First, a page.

Regardless of which type of music your child wants to play, it’s important to introduce them to piano playing in a way that focuses on technique at first. This is because the benefits of maintaining technical prowess such as posture and control will not only make playing music easier, but also help your child play without risk of injury later on in their life. For many, this is one of the main reasons to study at the Eliason School of Music, as we are known for our technically focused lessons that help your child have the tools necessary to be both a versatile musician and a healthy one.
This is why our lessons initially center around classical music. As a tried-and-true method for teaching one piano, the classical repertoire has a wide variety of different exercises and pieces that you child can play. Not only is there already a rich history of repertoire composed specifically for beginners, but your child can also use these pieces to learn a lot about how to play piano and begin developing their overall skills early on.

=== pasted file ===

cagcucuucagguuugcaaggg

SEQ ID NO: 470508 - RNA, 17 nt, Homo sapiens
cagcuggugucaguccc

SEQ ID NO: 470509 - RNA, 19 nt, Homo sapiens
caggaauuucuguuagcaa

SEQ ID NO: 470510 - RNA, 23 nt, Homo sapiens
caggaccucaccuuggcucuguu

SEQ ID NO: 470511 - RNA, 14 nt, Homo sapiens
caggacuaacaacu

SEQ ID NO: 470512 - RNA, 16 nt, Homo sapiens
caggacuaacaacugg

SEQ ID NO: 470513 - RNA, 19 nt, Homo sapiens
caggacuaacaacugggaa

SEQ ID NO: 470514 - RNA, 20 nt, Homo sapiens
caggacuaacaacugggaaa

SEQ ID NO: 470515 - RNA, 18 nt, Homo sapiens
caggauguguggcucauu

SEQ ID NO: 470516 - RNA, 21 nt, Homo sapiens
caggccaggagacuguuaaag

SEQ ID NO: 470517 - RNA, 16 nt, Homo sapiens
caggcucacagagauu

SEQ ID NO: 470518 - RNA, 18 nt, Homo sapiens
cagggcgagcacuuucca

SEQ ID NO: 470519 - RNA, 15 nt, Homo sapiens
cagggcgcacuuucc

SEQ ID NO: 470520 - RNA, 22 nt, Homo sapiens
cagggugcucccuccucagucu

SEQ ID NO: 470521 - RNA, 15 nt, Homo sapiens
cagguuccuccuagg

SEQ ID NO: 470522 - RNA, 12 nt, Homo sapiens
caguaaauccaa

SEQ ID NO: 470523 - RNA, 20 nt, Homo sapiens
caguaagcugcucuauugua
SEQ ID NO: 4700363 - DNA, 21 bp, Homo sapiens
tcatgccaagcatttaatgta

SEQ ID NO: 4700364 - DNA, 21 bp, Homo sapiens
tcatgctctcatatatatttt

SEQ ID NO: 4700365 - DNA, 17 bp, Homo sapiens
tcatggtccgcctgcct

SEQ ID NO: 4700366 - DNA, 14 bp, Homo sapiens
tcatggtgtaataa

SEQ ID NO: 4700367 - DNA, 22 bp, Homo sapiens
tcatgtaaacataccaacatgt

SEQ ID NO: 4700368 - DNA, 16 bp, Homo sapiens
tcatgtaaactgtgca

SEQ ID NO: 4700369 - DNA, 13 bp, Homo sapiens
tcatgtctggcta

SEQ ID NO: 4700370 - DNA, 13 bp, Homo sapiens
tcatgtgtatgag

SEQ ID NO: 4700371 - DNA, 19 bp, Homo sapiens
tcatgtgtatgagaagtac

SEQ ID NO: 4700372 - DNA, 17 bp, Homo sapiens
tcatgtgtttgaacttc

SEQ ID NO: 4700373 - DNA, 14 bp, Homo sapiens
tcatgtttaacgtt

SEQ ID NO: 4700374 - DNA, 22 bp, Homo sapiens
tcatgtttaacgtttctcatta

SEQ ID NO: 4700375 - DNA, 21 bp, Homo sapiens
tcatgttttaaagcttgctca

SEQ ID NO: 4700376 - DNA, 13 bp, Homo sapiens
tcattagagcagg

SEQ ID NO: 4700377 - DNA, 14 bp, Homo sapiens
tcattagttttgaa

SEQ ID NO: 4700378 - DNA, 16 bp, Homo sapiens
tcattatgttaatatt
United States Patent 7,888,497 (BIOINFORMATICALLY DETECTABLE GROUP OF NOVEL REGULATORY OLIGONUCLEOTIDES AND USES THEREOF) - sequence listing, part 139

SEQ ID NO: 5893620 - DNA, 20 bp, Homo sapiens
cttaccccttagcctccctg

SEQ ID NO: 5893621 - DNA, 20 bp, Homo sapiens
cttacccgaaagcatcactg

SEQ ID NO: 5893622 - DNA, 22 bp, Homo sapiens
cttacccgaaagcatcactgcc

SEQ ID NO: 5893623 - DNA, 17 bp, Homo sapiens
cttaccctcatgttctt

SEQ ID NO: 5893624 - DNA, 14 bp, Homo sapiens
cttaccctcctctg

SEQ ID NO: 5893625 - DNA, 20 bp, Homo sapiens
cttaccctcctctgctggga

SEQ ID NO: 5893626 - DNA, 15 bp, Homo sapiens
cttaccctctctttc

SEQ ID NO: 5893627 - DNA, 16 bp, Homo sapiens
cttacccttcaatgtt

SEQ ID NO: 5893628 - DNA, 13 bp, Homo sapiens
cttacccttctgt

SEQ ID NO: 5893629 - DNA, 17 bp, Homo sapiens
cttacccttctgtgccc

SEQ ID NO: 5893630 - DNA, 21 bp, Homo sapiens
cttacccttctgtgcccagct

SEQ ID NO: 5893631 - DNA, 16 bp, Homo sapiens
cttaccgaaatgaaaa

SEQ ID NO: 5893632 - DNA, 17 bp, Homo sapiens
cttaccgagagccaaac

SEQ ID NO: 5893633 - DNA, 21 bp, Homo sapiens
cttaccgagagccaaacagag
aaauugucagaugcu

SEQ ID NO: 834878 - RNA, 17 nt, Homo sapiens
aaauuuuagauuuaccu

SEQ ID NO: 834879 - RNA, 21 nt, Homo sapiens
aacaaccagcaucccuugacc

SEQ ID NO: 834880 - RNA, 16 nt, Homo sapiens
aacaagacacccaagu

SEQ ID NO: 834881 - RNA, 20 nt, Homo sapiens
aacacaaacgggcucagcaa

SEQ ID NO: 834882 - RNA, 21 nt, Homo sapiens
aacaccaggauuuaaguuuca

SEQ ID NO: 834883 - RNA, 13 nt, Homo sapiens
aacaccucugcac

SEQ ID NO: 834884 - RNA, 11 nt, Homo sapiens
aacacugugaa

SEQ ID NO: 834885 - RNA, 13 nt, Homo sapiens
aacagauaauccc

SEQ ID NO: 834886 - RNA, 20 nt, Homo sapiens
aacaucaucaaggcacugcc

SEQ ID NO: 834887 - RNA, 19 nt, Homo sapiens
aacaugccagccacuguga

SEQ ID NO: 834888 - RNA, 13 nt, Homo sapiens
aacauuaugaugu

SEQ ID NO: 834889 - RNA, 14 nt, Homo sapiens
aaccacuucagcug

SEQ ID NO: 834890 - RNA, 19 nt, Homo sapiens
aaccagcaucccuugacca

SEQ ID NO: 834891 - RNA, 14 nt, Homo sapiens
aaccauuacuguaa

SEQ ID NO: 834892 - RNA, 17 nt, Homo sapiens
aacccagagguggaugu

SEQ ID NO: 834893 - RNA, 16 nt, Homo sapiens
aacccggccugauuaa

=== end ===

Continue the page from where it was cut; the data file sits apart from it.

Another benefit of learning from the classical repertoire is that there are plenty of opportunities for your child to perform pieces written for beginners, allowing them to not only develop their technical skills, but also their performance abilities. These are all important building blocks to being a successful artist, meaning that your child will undoubtedly get an education that suits them.
Flexibility is Possible With Piano Lessons